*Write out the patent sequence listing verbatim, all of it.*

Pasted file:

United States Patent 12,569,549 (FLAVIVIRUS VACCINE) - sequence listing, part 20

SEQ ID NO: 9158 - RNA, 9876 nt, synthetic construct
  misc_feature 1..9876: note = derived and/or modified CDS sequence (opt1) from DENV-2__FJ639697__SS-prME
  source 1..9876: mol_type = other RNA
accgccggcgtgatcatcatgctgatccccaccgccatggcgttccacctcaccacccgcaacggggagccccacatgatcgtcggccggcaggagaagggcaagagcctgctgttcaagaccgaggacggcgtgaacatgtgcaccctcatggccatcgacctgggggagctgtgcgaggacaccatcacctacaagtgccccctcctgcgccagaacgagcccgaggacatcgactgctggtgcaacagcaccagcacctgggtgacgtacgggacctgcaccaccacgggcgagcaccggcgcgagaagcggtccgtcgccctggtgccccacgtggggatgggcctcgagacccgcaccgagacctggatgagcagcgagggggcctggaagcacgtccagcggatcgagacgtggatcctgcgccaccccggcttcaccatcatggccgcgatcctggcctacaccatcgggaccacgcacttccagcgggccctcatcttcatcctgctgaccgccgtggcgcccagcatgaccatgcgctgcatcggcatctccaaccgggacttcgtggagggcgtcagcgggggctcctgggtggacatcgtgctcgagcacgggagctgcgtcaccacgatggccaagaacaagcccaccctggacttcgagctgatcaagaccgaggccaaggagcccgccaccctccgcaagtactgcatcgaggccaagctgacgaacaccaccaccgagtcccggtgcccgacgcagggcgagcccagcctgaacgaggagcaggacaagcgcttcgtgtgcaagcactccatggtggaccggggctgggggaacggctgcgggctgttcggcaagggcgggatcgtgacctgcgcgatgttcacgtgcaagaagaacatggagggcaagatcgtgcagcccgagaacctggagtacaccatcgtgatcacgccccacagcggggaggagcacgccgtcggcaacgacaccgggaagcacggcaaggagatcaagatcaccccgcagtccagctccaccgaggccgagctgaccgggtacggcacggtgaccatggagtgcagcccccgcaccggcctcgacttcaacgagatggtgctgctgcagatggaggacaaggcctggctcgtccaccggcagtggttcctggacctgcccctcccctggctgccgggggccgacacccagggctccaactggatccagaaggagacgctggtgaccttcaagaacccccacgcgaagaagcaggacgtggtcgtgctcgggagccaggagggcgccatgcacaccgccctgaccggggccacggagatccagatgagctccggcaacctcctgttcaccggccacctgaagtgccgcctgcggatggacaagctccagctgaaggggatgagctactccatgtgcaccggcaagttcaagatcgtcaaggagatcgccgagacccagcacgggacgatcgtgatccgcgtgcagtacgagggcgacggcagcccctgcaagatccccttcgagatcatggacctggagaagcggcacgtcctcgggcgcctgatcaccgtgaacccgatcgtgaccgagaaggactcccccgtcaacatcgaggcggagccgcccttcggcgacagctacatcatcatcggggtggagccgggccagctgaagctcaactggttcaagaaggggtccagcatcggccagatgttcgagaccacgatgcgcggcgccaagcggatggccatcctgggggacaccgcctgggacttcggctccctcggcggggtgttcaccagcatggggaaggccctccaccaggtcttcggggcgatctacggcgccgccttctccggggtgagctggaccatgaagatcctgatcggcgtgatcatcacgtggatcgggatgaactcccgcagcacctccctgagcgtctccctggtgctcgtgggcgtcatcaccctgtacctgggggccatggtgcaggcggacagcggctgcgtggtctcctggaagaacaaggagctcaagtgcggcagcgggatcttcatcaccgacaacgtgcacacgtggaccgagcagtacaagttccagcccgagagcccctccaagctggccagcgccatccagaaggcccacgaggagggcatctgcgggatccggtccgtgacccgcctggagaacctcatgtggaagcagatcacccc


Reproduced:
United States Patent 12,569,549 (FLAVIVIRUS VACCINE) - sequence listing, part 20

SEQ ID NO: 9158 - RNA, 9876 nt, synthetic construct
  misc_feature 1..9876: note = derived and/or modified CDS sequence (opt1) from DENV-2__FJ639697__SS-prME
  source 1..9876: mol_type = other RNA
accgccggcgtgatcatcatgctgatccccaccgccatggcgttccacctcaccacccgcaacggggagccccacatgatcgtcggccggcaggagaagggcaagagcctgctgttcaagaccgaggacggcgtgaacatgtgcaccctcatggccatcgacctgggggagctgtgcgaggacaccatcacctacaagtgccccctcctgcgccagaacgagcccgaggacatcgactgctggtgcaacagcaccagcacctgggtgacgtacgggacctgcaccaccacgggcgagcaccggcgcgagaagcggtccgtcgccctggtgccccacgtggggatgggcctcgagacccgcaccgagacctggatgagcagcgagggggcctggaagcacgtccagcggatcgagacgtggatcctgcgccaccccggcttcaccatcatggccgcgatcctggcctacaccatcgggaccacgcacttccagcgggccctcatcttcatcctgctgaccgccgtggcgcccagcatgaccatgcgctgcatcggcatctccaaccgggacttcgtggagggcgtcagcgggggctcctgggtggacatcgtgctcgagcacgggagctgcgtcaccacgatggccaagaacaagcccaccctggacttcgagctgatcaagaccgaggccaaggagcccgccaccctccgcaagtactgcatcgaggccaagctgacgaacaccaccaccgagtcccggtgcccgacgcagggcgagcccagcctgaacgaggagcaggacaagcgcttcgtgtgcaagcactccatggtggaccggggctgggggaacggctgcgggctgttcggcaagggcgggatcgtgacctgcgcgatgttcacgtgcaagaagaacatggagggcaagatcgtgcagcccgagaacctggagtacaccatcgtgatcacgccccacagcggggaggagcacgccgtcggcaacgacaccgggaagcacggcaaggagatcaagatcaccccgcagtccagctccaccgaggccgagctgaccgggtacggcacggtgaccatggagtgcagcccccgcaccggcctcgacttcaacgagatggtgctgctgcagatggaggacaaggcctggctcgtccaccggcagtggttcctggacctgcccctcccctggctgccgggggccgacacccagggctccaactggatccagaaggagacgctggtgaccttcaagaacccccacgcgaagaagcaggacgtggtcgtgctcgggagccaggagggcgccatgcacaccgccctgaccggggccacggagatccagatgagctccggcaacctcctgttcaccggccacctgaagtgccgcctgcggatggacaagctccagctgaaggggatgagctactccatgtgcaccggcaagttcaagatcgtcaaggagatcgccgagacccagcacgggacgatcgtgatccgcgtgcagtacgagggcgacggcagcccctgcaagatccccttcgagatcatggacctggagaagcggcacgtcctcgggcgcctgatcaccgtgaacccgatcgtgaccgagaaggactcccccgtcaacatcgaggcggagccgcccttcggcgacagctacatcatcatcggggtggagccgggccagctgaagctcaactggttcaagaaggggtccagcatcggccagatgttcgagaccacgatgcgcggcgccaagcggatggccatcctgggggacaccgcctgggacttcggctccctcggcggggtgttcaccagcatggggaaggccctccaccaggtcttcggggcgatctacggcgccgccttctccggggtgagctggaccatgaagatcctgatcggcgtgatcatcacgtggatcgggatgaactcccgcagcacctccctgagcgtctccctggtgctcgtgggcgtcatcaccctgtacctgggggccatggtgcaggcggacagcggctgcgtggtctcctggaagaacaaggagctcaagtgcggcagcgggatcttcatcaccgacaacgtgcacacgtggaccgagcagtacaagttccagcccgagagcccctccaagctggccagcgccatccagaaggcccacgaggagggcatctgcgggatccggtccgtgacccgcctggagaacctcatgtggaagcagatcacccc